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1. Overview

In this tutorial, we'll look at different methods to get a List from a Stream. We'll also discuss the differences among them and when to use which method.

2. Collecting Stream Elements into a List

Getting a List from a Stream is the most used terminal operation of the Stream pipeline. Before Java 16, we used to invoke the Stream.collect() method and pass it to a Collector as an argument to gather the elements into. The Collector itself was created by calling the Collectors.toList() method.

However, there have been change requests for a method to get a List directly from a Stream instance. After the Java 16 release, we can now invoke toList(), a new method directly on the Stream, to get the List. Libraries like StreamEx also provide a convenient way to get a List directly from a Stream.

We can accumulate Stream elements into a List by using:

We'll work with the methods in the chronological order of their release.

3. Analyzing the Lists

Let's first create the lists from the methods described in the previous section. After that, let's analyze their properties.

We'll use the following Stream of country codes for all the examples:


3.1. Creating Lists

Now, we'll create a List from the given Stream of country codes using the different methods:

First, let's create a List using Collectors:toList():

List<String> result = Stream.of(Locale.getISOCountries()).collect(Collectors.toList());

After that, let's collect it using Collectors.toUnmodifiableList():

List<String> result = Stream.of(Locale.getISOCountries()).collect(Collectors.toUnmodifiableList());

Here, in these methods, we accumulate the Stream into a List through the Collector interface. This results in extra allocation and copying as we don't work directly with the Stream.

Then, let's repeat the collection with Stream.toList():

List<String> result = Stream.of(Locale.getISOCountries()).toList();

Here, we get the List directly from the Stream, thus preventing extra allocation and copying.

So, using toList() directly on the Stream is more concise, neat, convenient, and optimum when compared to the other two invocations.

3.2. Examining the Accumulated Lists

Let's begin with examining the type of List we created.

Collectors.toList(), collects the Stream elements into an ArrayList:


Collectors.toUnmodifiableList(), collects the Stream elements into an unmodifiable List.


Stream.toList(), collects the elements into an unmodifiable List.


Though the current implementation of the Collectors.toList() creates a mutable List, the method's specification itself makes no guarantee on the type, mutability, serializability, or thread-safety of the List.

On the other hand, both Collectors.toUnmodifiableList() and Stream.toList(), produce unmodifiable lists.

This implies that we can do operations like add and sort on the elements of Collectors.toList(), but not on the elements of Collectors.toUnmodifiableList() and Stream.toList()

3.3. Allowing Null Elements in the Lists

Although Stream.toList() produces an unmodifiable List, it is still not the same as Collectors.toUnmodifiableList(). This is because Stream.toList() allows the null elements and Collectors.toUnmodifiableList() doesn't allow the null elements. However, Collectors.toList() allows the null elements.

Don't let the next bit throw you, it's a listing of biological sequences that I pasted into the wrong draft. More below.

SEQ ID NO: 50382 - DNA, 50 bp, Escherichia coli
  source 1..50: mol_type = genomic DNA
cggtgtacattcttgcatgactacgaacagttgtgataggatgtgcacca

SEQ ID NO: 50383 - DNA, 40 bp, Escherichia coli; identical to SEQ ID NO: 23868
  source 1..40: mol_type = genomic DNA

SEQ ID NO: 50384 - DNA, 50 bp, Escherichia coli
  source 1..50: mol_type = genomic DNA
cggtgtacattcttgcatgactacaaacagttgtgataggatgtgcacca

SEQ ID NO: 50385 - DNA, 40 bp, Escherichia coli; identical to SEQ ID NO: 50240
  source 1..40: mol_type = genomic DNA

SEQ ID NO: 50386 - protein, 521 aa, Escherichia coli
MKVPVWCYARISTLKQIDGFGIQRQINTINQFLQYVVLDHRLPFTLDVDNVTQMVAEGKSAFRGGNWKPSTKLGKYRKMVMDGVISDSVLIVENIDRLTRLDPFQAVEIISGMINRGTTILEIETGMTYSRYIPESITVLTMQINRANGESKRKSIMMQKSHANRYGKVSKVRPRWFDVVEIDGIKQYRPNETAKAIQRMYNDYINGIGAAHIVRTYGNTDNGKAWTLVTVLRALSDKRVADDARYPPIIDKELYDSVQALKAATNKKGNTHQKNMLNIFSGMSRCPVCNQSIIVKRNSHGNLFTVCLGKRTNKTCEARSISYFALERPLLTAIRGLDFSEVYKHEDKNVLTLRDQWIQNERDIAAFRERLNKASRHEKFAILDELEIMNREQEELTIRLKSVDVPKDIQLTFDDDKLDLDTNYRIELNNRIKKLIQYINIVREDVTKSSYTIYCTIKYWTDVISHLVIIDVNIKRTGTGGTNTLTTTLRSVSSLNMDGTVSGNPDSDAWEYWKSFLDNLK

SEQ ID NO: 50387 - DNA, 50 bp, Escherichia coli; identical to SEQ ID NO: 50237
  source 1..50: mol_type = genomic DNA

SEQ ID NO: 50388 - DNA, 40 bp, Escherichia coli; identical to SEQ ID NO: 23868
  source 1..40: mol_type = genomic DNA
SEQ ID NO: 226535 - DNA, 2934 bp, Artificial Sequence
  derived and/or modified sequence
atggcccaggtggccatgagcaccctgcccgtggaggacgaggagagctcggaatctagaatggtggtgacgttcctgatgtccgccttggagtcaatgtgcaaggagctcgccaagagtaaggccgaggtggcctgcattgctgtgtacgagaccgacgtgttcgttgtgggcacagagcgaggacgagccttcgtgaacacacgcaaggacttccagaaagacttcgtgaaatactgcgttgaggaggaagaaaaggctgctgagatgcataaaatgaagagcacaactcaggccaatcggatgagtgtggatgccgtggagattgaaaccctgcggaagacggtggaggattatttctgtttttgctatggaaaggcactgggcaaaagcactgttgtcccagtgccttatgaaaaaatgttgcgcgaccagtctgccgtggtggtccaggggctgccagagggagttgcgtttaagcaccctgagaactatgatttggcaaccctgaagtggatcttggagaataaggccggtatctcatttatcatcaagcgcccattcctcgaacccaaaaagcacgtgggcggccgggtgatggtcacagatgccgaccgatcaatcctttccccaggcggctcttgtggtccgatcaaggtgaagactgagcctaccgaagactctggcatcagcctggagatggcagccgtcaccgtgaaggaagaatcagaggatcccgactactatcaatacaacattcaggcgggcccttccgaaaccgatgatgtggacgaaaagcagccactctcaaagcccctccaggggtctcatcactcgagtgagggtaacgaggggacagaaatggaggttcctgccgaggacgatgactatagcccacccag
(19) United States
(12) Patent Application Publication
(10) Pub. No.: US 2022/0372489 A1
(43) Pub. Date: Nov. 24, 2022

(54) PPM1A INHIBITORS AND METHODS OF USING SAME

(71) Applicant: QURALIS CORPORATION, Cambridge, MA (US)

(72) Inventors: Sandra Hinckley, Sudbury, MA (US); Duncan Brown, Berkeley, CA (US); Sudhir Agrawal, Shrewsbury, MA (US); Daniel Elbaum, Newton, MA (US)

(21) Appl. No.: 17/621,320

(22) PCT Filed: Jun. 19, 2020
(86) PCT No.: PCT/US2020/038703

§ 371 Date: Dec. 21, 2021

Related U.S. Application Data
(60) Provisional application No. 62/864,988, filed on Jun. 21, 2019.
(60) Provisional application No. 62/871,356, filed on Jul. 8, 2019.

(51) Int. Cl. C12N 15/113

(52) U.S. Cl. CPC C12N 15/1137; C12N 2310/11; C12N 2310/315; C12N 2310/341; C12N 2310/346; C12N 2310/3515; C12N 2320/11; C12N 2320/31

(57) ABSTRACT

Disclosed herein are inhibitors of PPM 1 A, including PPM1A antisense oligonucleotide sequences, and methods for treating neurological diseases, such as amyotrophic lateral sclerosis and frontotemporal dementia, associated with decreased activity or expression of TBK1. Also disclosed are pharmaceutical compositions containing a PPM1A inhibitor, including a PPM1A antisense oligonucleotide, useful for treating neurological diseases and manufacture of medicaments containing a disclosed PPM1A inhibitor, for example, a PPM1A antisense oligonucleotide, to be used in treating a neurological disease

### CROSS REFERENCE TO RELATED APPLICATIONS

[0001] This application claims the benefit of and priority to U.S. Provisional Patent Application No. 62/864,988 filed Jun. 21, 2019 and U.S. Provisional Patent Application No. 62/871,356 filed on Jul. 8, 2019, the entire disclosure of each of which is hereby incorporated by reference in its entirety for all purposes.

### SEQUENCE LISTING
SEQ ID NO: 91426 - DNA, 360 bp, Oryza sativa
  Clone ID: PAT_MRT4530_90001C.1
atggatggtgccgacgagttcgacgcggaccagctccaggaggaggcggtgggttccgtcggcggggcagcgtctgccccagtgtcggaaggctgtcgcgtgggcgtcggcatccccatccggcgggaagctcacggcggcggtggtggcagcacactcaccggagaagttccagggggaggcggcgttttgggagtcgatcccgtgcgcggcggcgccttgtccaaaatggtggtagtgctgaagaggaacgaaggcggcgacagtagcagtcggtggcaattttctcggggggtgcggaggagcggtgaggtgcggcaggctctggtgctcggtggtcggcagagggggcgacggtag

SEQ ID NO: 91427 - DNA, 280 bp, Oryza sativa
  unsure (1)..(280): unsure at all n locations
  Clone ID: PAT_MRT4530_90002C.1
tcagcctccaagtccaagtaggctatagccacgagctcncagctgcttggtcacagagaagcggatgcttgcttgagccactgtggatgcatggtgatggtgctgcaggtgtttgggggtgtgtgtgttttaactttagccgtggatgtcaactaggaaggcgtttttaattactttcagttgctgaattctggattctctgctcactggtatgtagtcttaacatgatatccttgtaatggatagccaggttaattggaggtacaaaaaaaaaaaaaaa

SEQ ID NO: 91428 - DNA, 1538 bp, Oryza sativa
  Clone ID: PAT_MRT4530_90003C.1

Collectors.toList() doesn't throw an Exception when a Stream containing null elements is collected:

Assertions.assertDoesNotThrow(() -> {

Collectors.toUnmodifiableList() throws a NulPointerException when we collect a Stream containing null elements:

Assertions.assertThrows(NullPointerException.class, () -> {

Stream.toList() doesn't throw a NulPointerException when we try to collect a Stream containing null elements:

Assertions.assertDoesNotThrow(() -> {

Therefore, this is something to watch out for when migrating our code from Java 8 to Java 10 or Java 16. We can't blindly use Stream.toList() in place of Collectors.toList() or Collectors.toUnmodifiableList().

3.4. Summary of Analysis

The following table summarizes the differences and similarities of the lists from our analysis:

4. When to Use Different toList() Methods

The main objective of adding Stream.toList() is to reduce the verboseness of the Collector API.

As shown previously, using the Collectors methods for getting Lists is very verbose. On the other hand, using the Stream.toList() method makes code neat and concise.

Nevertheless, as seen in earlier sections, Stream.toList() can't be used as a shortcut to Collectors.toList() or Collectors.toUnmodifiableList().

Secondly, the Stream.toList() uses less memory because its implementation is independent of the Collector interface. It accumulates the Stream elements directly into the List. So, in case we know the size of the stream in advance, it will be optimum to use Stream.toList().

Thirdly, we know that the Stream API provides the implementation only for the toList() method. It doesn't contain similar methods for getting a map or a set. So, in case we want a uniform approach to get any converters like list, map, or set, we'll continue to use the Collector API. This will also maintain consistency and avoid confusion.

Lastly, if we're using versions lower than Java 16, we have to continue to use Collectors methods.

The following table summarizes the optimum usage of the given methods:

5. Conclusion

In this article, we analyzed the three most popular ways of getting a List from a Stream. Then, we looked at the main differences and similarities. And, we also discussed how and when to use these methods.

As always, the source code for the examples used in this article is available over on GitHub.

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